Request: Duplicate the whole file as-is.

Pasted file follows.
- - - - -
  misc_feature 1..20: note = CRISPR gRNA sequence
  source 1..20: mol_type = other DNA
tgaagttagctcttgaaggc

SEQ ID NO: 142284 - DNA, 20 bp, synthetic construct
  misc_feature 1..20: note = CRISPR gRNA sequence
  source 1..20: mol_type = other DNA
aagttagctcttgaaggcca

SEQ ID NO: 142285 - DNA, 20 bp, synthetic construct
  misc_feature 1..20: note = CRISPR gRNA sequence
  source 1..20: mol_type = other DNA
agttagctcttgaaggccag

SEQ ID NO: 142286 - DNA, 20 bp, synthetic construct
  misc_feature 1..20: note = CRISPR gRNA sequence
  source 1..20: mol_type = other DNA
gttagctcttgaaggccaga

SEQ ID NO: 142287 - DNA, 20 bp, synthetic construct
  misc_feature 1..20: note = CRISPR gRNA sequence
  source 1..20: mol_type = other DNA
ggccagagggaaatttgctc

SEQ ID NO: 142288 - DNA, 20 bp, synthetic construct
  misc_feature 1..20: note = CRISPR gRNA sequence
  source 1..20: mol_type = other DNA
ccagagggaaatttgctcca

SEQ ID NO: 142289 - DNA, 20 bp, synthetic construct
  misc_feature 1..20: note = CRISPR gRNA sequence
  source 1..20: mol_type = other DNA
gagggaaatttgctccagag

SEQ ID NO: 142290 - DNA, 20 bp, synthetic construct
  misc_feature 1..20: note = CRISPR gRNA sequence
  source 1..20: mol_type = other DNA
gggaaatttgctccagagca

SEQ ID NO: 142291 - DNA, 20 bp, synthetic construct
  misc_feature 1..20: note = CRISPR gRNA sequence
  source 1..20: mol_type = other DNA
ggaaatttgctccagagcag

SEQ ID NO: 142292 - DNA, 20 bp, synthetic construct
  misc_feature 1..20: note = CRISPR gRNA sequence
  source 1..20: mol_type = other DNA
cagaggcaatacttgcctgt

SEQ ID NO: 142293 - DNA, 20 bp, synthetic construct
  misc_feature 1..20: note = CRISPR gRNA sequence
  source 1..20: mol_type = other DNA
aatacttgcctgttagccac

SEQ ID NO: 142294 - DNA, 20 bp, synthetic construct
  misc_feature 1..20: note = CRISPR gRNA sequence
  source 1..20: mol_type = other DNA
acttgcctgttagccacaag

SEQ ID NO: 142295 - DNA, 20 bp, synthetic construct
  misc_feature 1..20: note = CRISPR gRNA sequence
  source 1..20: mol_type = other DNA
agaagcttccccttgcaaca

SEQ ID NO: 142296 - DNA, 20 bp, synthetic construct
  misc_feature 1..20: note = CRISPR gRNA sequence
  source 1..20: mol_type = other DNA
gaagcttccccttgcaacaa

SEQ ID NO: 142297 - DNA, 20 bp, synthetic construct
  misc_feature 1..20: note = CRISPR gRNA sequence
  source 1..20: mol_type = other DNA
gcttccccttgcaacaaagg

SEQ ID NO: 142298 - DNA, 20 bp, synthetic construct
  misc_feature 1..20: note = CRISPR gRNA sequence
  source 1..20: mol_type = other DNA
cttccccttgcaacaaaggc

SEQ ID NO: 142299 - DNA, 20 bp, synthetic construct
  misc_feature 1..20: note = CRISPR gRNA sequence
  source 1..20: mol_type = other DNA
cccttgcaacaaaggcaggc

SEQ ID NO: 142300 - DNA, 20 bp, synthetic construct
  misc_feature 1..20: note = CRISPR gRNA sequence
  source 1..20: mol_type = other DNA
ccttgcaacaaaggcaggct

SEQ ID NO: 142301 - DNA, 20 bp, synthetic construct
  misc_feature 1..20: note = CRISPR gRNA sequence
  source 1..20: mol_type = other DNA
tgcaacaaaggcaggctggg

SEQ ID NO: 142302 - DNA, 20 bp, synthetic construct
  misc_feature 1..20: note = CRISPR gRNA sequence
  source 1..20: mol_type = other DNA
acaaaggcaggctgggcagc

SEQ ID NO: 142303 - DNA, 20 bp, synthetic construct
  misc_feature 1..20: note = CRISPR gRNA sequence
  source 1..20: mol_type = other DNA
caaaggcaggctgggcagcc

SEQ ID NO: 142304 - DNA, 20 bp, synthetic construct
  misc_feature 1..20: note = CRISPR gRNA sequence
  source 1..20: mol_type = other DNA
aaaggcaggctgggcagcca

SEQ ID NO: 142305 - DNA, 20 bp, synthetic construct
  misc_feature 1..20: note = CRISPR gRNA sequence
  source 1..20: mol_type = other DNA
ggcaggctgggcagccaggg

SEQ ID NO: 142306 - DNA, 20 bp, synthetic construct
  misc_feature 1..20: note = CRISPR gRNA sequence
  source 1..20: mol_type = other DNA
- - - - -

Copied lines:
  misc_feature 1..20: note = CRISPR gRNA sequence
  source 1..20: mol_type = other DNA
tgaagttagctcttgaaggc

SEQ ID NO: 142284 - DNA, 20 bp, synthetic construct
  misc_feature 1..20: note = CRISPR gRNA sequence
  source 1..20: mol_type = other DNA
aagttagctcttgaaggcca

SEQ ID NO: 142285 - DNA, 20 bp, synthetic construct
  misc_feature 1..20: note = CRISPR gRNA sequence
  source 1..20: mol_type = other DNA
agttagctcttgaaggccag

SEQ ID NO: 142286 - DNA, 20 bp, synthetic construct
  misc_feature 1..20: note = CRISPR gRNA sequence
  source 1..20: mol_type = other DNA
gttagctcttgaaggccaga

SEQ ID NO: 142287 - DNA, 20 bp, synthetic construct
  misc_feature 1..20: note = CRISPR gRNA sequence
  source 1..20: mol_type = other DNA
ggccagagggaaatttgctc

SEQ ID NO: 142288 - DNA, 20 bp, synthetic construct
  misc_feature 1..20: note = CRISPR gRNA sequence
  source 1..20: mol_type = other DNA
ccagagggaaatttgctcca

SEQ ID NO: 142289 - DNA, 20 bp, synthetic construct
  misc_feature 1..20: note = CRISPR gRNA sequence
  source 1..20: mol_type = other DNA
gagggaaatttgctccagag

SEQ ID NO: 142290 - DNA, 20 bp, synthetic construct
  misc_feature 1..20: note = CRISPR gRNA sequence
  source 1..20: mol_type = other DNA
gggaaatttgctccagagca

SEQ ID NO: 142291 - DNA, 20 bp, synthetic construct
  misc_feature 1..20: note = CRISPR gRNA sequence
  source 1..20: mol_type = other DNA
ggaaatttgctccagagcag

SEQ ID NO: 142292 - DNA, 20 bp, synthetic construct
  misc_feature 1..20: note = CRISPR gRNA sequence
  source 1..20: mol_type = other DNA
cagaggcaatacttgcctgt

SEQ ID NO: 142293 - DNA, 20 bp, synthetic construct
  misc_feature 1..20: note = CRISPR gRNA sequence
  source 1..20: mol_type = other DNA
aatacttgcctgttagccac

SEQ ID NO: 142294 - DNA, 20 bp, synthetic construct
  misc_feature 1..20: note = CRISPR gRNA sequence
  source 1..20: mol_type = other DNA
acttgcctgttagccacaag

SEQ ID NO: 142295 - DNA, 20 bp, synthetic construct
  misc_feature 1..20: note = CRISPR gRNA sequence
  source 1..20: mol_type = other DNA
agaagcttccccttgcaaca

SEQ ID NO: 142296 - DNA, 20 bp, synthetic construct
  misc_feature 1..20: note = CRISPR gRNA sequence
  source 1..20: mol_type = other DNA
gaagcttccccttgcaacaa

SEQ ID NO: 142297 - DNA, 20 bp, synthetic construct
  misc_feature 1..20: note = CRISPR gRNA sequence
  source 1..20: mol_type = other DNA
gcttccccttgcaacaaagg

SEQ ID NO: 142298 - DNA, 20 bp, synthetic construct
  misc_feature 1..20: note = CRISPR gRNA sequence
  source 1..20: mol_type = other DNA
cttccccttgcaacaaaggc

SEQ ID NO: 142299 - DNA, 20 bp, synthetic construct
  misc_feature 1..20: note = CRISPR gRNA sequence
  source 1..20: mol_type = other DNA
cccttgcaacaaaggcaggc

SEQ ID NO: 142300 - DNA, 20 bp, synthetic construct
  misc_feature 1..20: note = CRISPR gRNA sequence
  source 1..20: mol_type = other DNA
ccttgcaacaaaggcaggct

SEQ ID NO: 142301 - DNA, 20 bp, synthetic construct
  misc_feature 1..20: note = CRISPR gRNA sequence
  source 1..20: mol_type = other DNA
tgcaacaaaggcaggctggg

SEQ ID NO: 142302 - DNA, 20 bp, synthetic construct
  misc_feature 1..20: note = CRISPR gRNA sequence
  source 1..20: mol_type = other DNA
acaaaggcaggctgggcagc

SEQ ID NO: 142303 - DNA, 20 bp, synthetic construct
  misc_feature 1..20: note = CRISPR gRNA sequence
  source 1..20: mol_type = other DNA
caaaggcaggctgggcagcc

SEQ ID NO: 142304 - DNA, 20 bp, synthetic construct
  misc_feature 1..20: note = CRISPR gRNA sequence
  source 1..20: mol_type = other DNA
aaaggcaggctgggcagcca

SEQ ID NO: 142305 - DNA, 20 bp, synthetic construct
  misc_feature 1..20: note = CRISPR gRNA sequence
  source 1..20: mol_type = other DNA
ggcaggctgggcagccaggg

SEQ ID NO: 142306 - DNA, 20 bp, synthetic construct
  misc_feature 1..20: note = CRISPR gRNA sequence
  source 1..20: mol_type = other DNA